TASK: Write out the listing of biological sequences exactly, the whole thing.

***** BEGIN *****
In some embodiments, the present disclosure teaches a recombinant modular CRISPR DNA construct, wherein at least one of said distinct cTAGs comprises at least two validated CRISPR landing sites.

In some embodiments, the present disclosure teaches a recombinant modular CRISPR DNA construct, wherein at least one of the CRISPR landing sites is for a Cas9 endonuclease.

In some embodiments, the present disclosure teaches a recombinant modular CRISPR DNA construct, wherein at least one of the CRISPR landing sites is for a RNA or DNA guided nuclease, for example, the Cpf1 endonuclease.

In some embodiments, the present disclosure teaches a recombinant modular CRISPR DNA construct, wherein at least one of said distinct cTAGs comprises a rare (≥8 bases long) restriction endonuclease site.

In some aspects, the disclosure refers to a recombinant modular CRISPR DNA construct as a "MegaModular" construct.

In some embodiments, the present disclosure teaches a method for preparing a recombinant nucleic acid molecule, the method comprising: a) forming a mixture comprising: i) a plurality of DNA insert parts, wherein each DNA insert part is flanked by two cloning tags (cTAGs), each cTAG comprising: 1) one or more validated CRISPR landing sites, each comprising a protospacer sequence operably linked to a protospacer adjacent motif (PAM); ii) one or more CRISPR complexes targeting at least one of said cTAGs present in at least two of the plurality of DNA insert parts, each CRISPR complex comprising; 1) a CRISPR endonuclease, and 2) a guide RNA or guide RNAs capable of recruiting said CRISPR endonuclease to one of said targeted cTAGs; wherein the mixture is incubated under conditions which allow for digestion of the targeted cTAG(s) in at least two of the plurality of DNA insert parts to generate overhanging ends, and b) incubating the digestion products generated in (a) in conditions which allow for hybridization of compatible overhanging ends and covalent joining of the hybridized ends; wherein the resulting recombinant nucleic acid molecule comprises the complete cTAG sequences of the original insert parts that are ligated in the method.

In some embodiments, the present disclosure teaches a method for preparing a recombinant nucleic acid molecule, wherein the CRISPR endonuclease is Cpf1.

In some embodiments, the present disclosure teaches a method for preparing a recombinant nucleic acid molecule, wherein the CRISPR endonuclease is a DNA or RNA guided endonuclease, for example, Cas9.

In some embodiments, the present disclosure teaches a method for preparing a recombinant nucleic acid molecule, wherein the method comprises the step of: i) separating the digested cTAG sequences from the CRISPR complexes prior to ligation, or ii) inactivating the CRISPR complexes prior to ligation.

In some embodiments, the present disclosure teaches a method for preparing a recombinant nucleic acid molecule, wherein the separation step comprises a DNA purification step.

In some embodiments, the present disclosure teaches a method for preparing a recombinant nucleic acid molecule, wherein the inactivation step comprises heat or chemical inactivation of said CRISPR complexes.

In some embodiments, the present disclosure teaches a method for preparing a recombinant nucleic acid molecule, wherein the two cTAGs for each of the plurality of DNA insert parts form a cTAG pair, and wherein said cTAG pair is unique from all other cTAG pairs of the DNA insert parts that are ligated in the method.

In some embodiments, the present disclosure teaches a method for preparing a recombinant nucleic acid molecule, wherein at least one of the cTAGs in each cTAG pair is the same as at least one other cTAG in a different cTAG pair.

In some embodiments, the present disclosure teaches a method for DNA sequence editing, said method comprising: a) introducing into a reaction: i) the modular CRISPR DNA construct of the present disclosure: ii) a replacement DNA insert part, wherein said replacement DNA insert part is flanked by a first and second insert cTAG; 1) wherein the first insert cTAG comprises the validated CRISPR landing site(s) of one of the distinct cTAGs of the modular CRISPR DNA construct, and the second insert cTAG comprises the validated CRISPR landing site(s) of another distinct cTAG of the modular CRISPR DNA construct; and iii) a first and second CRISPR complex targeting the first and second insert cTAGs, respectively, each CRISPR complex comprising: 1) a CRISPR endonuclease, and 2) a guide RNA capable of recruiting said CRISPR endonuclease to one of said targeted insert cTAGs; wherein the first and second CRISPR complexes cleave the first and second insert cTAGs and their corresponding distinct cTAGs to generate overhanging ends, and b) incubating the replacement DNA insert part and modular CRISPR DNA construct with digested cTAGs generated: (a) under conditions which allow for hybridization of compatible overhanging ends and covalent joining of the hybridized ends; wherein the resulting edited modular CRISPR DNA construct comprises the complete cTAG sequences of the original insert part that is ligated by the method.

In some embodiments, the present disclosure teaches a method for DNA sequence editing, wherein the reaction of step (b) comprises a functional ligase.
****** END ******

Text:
In some embodiments, the present disclosure teaches a recombinant modular CRISPR DNA construct, wherein at least one of said distinct cTAGs comprises at least two validated CRISPR landing sites.

In some embodiments, the present disclosure teaches a recombinant modular CRISPR DNA construct, wherein at least one of the CRISPR landing sites is for a Cas9 endonuclease.

In some embodiments, the present disclosure teaches a recombinant modular CRISPR DNA construct, wherein at least one of the CRISPR landing sites is for a RNA or DNA guided nuclease, for example, the Cpf1 endonuclease.

In some embodiments, the present disclosure teaches a recombinant modular CRISPR DNA construct, wherein at least one of said distinct cTAGs comprises a rare (≥8 bases long) restriction endonuclease site.

In some aspects, the disclosure refers to a recombinant modular CRISPR DNA construct as a "MegaModular" construct.

In some embodiments, the present disclosure teaches a method for preparing a recombinant nucleic acid molecule, the method comprising: a) forming a mixture comprising: i) a plurality of DNA insert parts, wherein each DNA insert part is flanked by two cloning tags (cTAGs), each cTAG comprising: 1) one or more validated CRISPR landing sites, each comprising a protospacer sequence operably linked to a protospacer adjacent motif (PAM); ii) one or more CRISPR complexes targeting at least one of said cTAGs present in at least two of the plurality of DNA insert parts, each CRISPR complex comprising; 1) a CRISPR endonuclease, and 2) a guide RNA or guide RNAs capable of recruiting said CRISPR endonuclease to one of said targeted cTAGs; wherein the mixture is incubated under conditions which allow for digestion of the targeted cTAG(s) in at least two of the plurality of DNA insert parts to generate overhanging ends, and b) incubating the digestion products generated in (a) in conditions which allow for hybridization of compatible overhanging ends and covalent joining of the hybridized ends; wherein the resulting recombinant nucleic acid molecule comprises the complete cTAG sequences of the original insert parts that are ligated in the method.

In some embodiments, the present disclosure teaches a method for preparing a recombinant nucleic acid molecule, wherein the CRISPR endonuclease is Cpf1.

In some embodiments, the present disclosure teaches a method for preparing a recombinant nucleic acid molecule, wherein the CRISPR endonuclease is a DNA or RNA guided endonuclease, for example, Cas9.

In some embodiments, the present disclosure teaches a method for preparing a recombinant nucleic acid molecule, wherein the method comprises the step of: i) separating the digested cTAG sequences from the CRISPR complexes prior to ligation, or ii) inactivating the CRISPR complexes prior to ligation.

In some embodiments, the present disclosure teaches a method for preparing a recombinant nucleic acid molecule, wherein the separation step comprises a DNA purification step.

In some embodiments, the present disclosure teaches a method for preparing a recombinant nucleic acid molecule, wherein the inactivation step comprises heat or chemical inactivation of said CRISPR complexes.

In some embodiments, the present disclosure teaches a method for preparing a recombinant nucleic acid molecule, wherein the two cTAGs for each of the plurality of DNA insert parts form a cTAG pair, and wherein said cTAG pair is unique from all other cTAG pairs of the DNA insert parts that are ligated in the method.

In some embodiments, the present disclosure teaches a method for preparing a recombinant nucleic acid molecule, wherein at least one of the cTAGs in each cTAG pair is the same as at least one other cTAG in a different cTAG pair.

In some embodiments, the present disclosure teaches a method for DNA sequence editing, said method comprising: a) introducing into a reaction: i) the modular CRISPR DNA construct of the present disclosure: ii) a replacement DNA insert part, wherein said replacement DNA insert part is flanked by a first and second insert cTAG; 1) wherein the first insert cTAG comprises the validated CRISPR landing site(s) of one of the distinct cTAGs of the modular CRISPR DNA construct, and the second insert cTAG comprises the validated CRISPR landing site(s) of another distinct cTAG of the modular CRISPR DNA construct; and iii) a first and second CRISPR complex targeting the first and second insert cTAGs, respectively, each CRISPR complex comprising: 1) a CRISPR endonuclease, and 2) a guide RNA capable of recruiting said CRISPR endonuclease to one of said targeted insert cTAGs; wherein the first and second CRISPR complexes cleave the first and second insert cTAGs and their corresponding distinct cTAGs to generate overhanging ends, and b) incubating the replacement DNA insert part and modular CRISPR DNA construct with digested cTAGs generated: (a) under conditions which allow for hybridization of compatible overhanging ends and covalent joining of the hybridized ends; wherein the resulting edited modular CRISPR DNA construct comprises the complete cTAG sequences of the original insert part that is ligated by the method.

In some embodiments, the present disclosure teaches a method for DNA sequence editing, wherein the reaction of step (b) comprises a functional ligase.